112 pages

  • The cover of the book La Femme de Gilles

    La Femme de Gilles

    Elisa’s day has no purpose until her husband Gilles returns home from work. Even with a toddler twins to look after, and bearing the weight of another pregnancy, Elisa’s heart only starts beating when she knows Gilles is on his way home to her. Madeline Bourdouxhe constructs an obsessive love story that from the very first sentence will lead to tragedy, as Gilles becomes bored by Elisa’s complete devotion. Another layer exists in this deceptively simple story. Bourdouxhe wrote the novel just before the outbreak of World War II, and in its telling, warns women readers about the dangers of ceding one’s thinking to someone else.

    144 pages

  • The cover of the book Insel


    Imagine having a friend who fancies themselves a great artist. Because they are doing “art,”—which means they’re broke — they never have money to cover the coffees the two of you buy, or the occasional dinner. And even though you think that you might be taken advantage of, you just find their friendship so refreshing that you put up with it. Now, move that situation to 1930s Paris, think about sitting in those cafes and walking those boulevards among the Plane trees, and add humor and a touch of Surrealism and voila! Qu’est-ce que tu attends? (What are you waiting for?)

    224 pages

  • The cover of the book The Pure and the Impure

    The Pure and the Impure

    Colette referred to herself in later life as an “erotic militant.” She was born in 1873, a time when women’s sexuality was often pathologized as “abnormal” for straying outside sharply delineated perimeters. In this work, which Colette considered her best, she writes about her erotic life. For her, when desires are denied, they resurface later as perversions, which fractures the whole person that women are meant to be. This work is haunted by those who were forced to starve vital pieces of themselves in order to appear “normal” in a culture that was frightened of the power of the erotic.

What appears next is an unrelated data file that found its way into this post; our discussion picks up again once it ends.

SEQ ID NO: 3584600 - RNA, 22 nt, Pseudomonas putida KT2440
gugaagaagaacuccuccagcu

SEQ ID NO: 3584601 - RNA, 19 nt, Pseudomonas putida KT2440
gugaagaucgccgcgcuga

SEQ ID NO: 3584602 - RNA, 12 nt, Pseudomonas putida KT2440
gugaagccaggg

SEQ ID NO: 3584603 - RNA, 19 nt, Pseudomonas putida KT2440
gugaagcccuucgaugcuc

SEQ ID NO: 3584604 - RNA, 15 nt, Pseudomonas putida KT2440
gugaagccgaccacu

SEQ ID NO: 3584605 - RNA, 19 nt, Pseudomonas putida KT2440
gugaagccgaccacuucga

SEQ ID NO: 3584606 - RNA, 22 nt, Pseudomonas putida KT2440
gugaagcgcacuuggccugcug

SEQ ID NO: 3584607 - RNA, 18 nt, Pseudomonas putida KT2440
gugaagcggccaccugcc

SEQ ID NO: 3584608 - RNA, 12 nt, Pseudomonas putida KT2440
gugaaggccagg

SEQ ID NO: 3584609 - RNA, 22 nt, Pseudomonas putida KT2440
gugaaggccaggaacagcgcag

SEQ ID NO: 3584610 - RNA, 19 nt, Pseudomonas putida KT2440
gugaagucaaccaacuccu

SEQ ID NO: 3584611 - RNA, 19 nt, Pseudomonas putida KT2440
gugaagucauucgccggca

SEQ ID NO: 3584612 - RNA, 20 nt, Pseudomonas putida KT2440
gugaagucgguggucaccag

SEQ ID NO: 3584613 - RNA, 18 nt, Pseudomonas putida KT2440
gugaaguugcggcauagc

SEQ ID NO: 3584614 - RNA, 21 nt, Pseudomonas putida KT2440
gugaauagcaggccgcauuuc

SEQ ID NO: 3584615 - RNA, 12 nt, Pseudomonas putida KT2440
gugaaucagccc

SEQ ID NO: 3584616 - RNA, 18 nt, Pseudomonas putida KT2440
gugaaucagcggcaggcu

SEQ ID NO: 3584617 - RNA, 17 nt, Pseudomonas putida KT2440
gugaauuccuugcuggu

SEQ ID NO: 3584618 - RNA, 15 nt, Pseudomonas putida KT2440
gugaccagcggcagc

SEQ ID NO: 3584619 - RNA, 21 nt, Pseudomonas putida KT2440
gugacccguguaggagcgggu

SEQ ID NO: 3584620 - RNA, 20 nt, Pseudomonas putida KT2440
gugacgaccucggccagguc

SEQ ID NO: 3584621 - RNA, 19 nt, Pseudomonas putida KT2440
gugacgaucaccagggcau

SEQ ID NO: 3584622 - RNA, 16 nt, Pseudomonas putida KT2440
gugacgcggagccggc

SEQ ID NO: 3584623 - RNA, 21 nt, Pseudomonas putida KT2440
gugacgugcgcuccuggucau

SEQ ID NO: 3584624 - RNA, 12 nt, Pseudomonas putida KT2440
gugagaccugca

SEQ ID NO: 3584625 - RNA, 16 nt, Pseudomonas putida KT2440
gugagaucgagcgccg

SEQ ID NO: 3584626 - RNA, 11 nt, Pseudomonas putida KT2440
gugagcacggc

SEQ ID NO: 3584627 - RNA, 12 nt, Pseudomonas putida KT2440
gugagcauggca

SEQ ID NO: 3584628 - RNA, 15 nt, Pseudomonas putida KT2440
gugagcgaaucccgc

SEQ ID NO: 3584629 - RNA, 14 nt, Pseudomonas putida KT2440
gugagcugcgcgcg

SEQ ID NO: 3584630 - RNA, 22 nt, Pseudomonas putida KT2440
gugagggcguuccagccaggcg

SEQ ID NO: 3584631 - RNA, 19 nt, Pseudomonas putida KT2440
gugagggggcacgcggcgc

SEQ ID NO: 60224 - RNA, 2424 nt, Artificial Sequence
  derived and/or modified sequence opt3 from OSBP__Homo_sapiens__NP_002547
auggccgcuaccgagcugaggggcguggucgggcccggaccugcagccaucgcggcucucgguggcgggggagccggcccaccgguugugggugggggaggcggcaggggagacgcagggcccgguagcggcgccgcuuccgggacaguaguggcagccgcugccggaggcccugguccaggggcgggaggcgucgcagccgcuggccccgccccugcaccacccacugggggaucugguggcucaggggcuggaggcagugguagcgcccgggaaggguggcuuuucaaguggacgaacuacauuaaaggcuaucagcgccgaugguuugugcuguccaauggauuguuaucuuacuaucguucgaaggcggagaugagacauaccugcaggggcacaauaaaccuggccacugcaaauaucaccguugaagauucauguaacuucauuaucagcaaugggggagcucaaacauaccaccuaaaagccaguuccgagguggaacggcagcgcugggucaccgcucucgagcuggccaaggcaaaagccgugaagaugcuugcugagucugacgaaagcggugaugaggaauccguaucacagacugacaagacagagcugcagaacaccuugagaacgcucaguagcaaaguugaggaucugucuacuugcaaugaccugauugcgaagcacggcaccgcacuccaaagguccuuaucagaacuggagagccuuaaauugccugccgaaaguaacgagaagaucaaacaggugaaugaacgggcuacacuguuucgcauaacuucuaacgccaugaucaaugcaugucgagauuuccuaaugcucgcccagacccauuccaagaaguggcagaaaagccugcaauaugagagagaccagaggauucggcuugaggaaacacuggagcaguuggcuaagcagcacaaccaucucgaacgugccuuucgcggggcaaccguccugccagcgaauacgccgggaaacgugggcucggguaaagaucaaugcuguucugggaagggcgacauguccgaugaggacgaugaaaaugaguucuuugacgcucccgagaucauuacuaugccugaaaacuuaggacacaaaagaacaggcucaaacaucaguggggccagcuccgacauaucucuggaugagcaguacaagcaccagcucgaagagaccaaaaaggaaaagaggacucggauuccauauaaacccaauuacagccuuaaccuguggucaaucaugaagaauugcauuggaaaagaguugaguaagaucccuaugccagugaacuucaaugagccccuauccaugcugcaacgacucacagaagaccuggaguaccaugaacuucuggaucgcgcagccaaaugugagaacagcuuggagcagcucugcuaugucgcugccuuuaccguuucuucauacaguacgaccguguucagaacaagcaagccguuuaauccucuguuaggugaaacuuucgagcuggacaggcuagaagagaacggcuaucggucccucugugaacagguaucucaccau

208 pages

  • The cover of the book The Blazing World and Other Writings

    The Blazing World and Other Writings

    Margaret Cavendish wrote this novel in 1666, the historic year when the Great London Fire torched the city. In her vision, a young woman discovers a new world beyond the Arctic Circle, which she reaches through a “wrinkle in space,” and becomes its empress. Her subjects are the talking animals whose society is more advanced than that of Seventeenth-Century Europe. When the empress organizes an invasion of her homeland, the animals deploy weapons not yet invented back home. Scholars have long argued over this work, but agree that it is one of the first feminist, utopian, science-fiction universes in literary history.

    100 pages

  • The cover of the book My Brilliant Career

    My Brilliant Career

    Sybylla longs to be a famous writer. But she is constantly being sent outside to work in the boiling sun of 1901 Outback Australia. When her family sends her to live with her grandmother, Sybylla is suddenly confronted by the attentions of a young man who wants to make her his wife, which she fears will end any and all hopes of being an author. Franklin wrote this novel when she was sixteen, and its spirit and panache have made it a favorite of many. A book for any young woman who has worried that her dreams are “too much” for their time.

    288 pages

  • The cover of the book The Enchanted April

    The Enchanted April

    Look outside: is it snowing? Sleeting? Freezing? And yet, somewhere on the Italian Riviera, people are sat at outdoor cafes, drinking Negronis and Bellinis and wondering how warm it will be the next day. In this 1922 novel, four friends depart frigid London for a holiday in the Italian sun. They rent a castle for the month of April, and in adventures that range from the comic to the romantic, the four women discover that they do not have to be servants to the timekeeper’s clock. They emerge as practitioners of la dolce vita.

    240 pages

  • The cover of the book A Chill in the Air

    A Chill in the Air

    In 1939, Italy had been under the Fascists led by Mussolini since 1922. And while Adolf Hitler was terrorizing other parts of Europe, there were no indications that the two men would form an alliance. But in Origo’s memoir of the years 1939-1940, she recounts the changes that took place in Italy as Mussolini edged closer to an alliance. Origo’s godfather was the American ambassador to Italy. As political events dictate enormous transitions, the biggest change takes place in Iris Origo herself. No longer an observer, she opts to become an activist.

    192 pages